During the pandemic, I not only spent a considerable amount of time praying, but I also thought a great deal about the nature of prayer, what it should mean in our lives, what we do when we pray.
I have no statistics, but I have no doubt that loneliness experiences multiplied significantly during the pandemic. A friend of mine, a psychological counselor, told me that after months of the pandemic, she thought it would take a long time for many to return to what their emotional lives were before the pandemic. If she had said that to me at the start of the pandemic, I wonder if I would have agreed with her.
Occasionally, while reading “Let Us Dream Together,” some of the Pope’s words and phrases seem to leap out at me. They seem almost to demand my attention. They often cause me to pause and reflect. That was my experience when I saw the expression “existential myopia.”
What I wrote in last week’s column about Pope Francis’ view of freedom is still on my mind. In the history of philosophy, the first philosopher who strongly emphasized that humans coexist, that we have the power to influence others because we, as it were, are tied together, was Karl Marx.
Teaching the philosophies of existentialism and personalism for many years, I think has deepened my understanding of freedom. Because freedom is one of the mysterious gifts that God has given to us, I don’t claim to understand the mystery of freedom completely. Still, I think reading and teaching some great philosophers has helped me go more deeply into the meaning of freedom and the central role it plays in the development of the human person.
In his new book, “Let Us Dream: the Path to a Better Future,” Pope Francis articulates exactly how I feel during the pandemic and whenever I think about all the problems in the world. He feels overwhelmed, but he insists that he is never hopeless. That he is never hopeless with all the problems he must confront encourages me not to be hopeless but to try to believe that, with God’s help, there is no problem that we cannot confront. The Holy Father notes that we cannot serve others unless we let their reality speak to us.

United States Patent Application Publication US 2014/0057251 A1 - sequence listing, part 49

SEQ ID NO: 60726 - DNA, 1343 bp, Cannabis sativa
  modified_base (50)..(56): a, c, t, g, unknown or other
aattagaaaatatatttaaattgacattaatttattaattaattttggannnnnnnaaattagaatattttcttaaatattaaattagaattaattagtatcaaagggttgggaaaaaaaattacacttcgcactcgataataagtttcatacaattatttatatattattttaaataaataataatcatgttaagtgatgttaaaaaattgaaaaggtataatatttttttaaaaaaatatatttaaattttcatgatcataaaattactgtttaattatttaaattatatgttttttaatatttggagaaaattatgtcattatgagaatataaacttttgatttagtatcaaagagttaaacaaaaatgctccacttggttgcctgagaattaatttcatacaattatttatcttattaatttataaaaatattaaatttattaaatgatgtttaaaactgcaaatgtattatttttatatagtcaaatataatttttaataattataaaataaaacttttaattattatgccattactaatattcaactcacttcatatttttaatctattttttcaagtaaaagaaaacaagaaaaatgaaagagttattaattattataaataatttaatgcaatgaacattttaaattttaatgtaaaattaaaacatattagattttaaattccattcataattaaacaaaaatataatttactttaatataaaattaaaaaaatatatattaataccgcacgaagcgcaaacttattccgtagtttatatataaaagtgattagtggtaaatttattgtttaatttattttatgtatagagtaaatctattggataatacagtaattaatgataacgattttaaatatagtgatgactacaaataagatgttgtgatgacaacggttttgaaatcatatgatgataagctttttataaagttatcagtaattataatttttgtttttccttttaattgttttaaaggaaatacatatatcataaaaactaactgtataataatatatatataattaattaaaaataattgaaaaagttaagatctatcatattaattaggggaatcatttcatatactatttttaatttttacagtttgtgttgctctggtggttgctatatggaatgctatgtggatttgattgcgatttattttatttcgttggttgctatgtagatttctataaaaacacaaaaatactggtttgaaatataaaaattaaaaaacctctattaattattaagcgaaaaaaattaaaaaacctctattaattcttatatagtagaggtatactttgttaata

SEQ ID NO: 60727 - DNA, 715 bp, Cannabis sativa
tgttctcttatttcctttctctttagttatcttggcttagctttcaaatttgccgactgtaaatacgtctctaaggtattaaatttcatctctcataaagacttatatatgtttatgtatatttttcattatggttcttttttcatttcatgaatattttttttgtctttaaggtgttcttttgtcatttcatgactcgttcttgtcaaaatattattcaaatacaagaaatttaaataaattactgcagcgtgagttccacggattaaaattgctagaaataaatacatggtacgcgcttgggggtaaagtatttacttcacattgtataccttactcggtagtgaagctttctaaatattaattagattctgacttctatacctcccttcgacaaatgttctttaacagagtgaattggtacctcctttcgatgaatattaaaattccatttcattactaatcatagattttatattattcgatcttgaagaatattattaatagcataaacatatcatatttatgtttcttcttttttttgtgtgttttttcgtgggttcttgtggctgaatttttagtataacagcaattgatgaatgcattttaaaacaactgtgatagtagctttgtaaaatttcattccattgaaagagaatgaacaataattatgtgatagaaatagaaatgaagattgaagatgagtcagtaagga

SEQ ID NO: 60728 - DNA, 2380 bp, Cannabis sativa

For me, and I imagine for everybody, the experience of the pandemic has been difficult. What I draw from Pope Francis’s encyclical and his new book “Let Us Dream Together; the Path to a Better Future” is the need to enter more deeply into myself and enter more deeply into my relationship with God and others.
My guess is that many during this pandemic are eagerly looking toward a future when the pandemic is under control. The quicker, the better! During the pandemic, my own experience has included a mixture of reflecting on memories and imagining a future when my life will resume some semblance to my previous experience.
Reading Pope Francis’ recent encyclical “Fratelli tutti” and his new book “Let Us Dream: the Path to a Better Future,” a question occurred to me that has probably been in the back of my mind for some time. The question is how much of the Holy Father’s vision has been influenced by the philosophy of personalism, and how much am I reading the philosophy of personalism into his writings?
A few months ago I learned that Pope Francis was writing an encyclical and also a book, both dealing with the pandemic. When I told a friend of mine he said to me, “What can the pope say about the pandemic?” I cannot recall my response but I do recall thinking that the Holy Father could probably say a great deal about the pandemic. I was right. The encyclical “Fratelli tutti” and the book “Let Us Dream Together” are magnificent.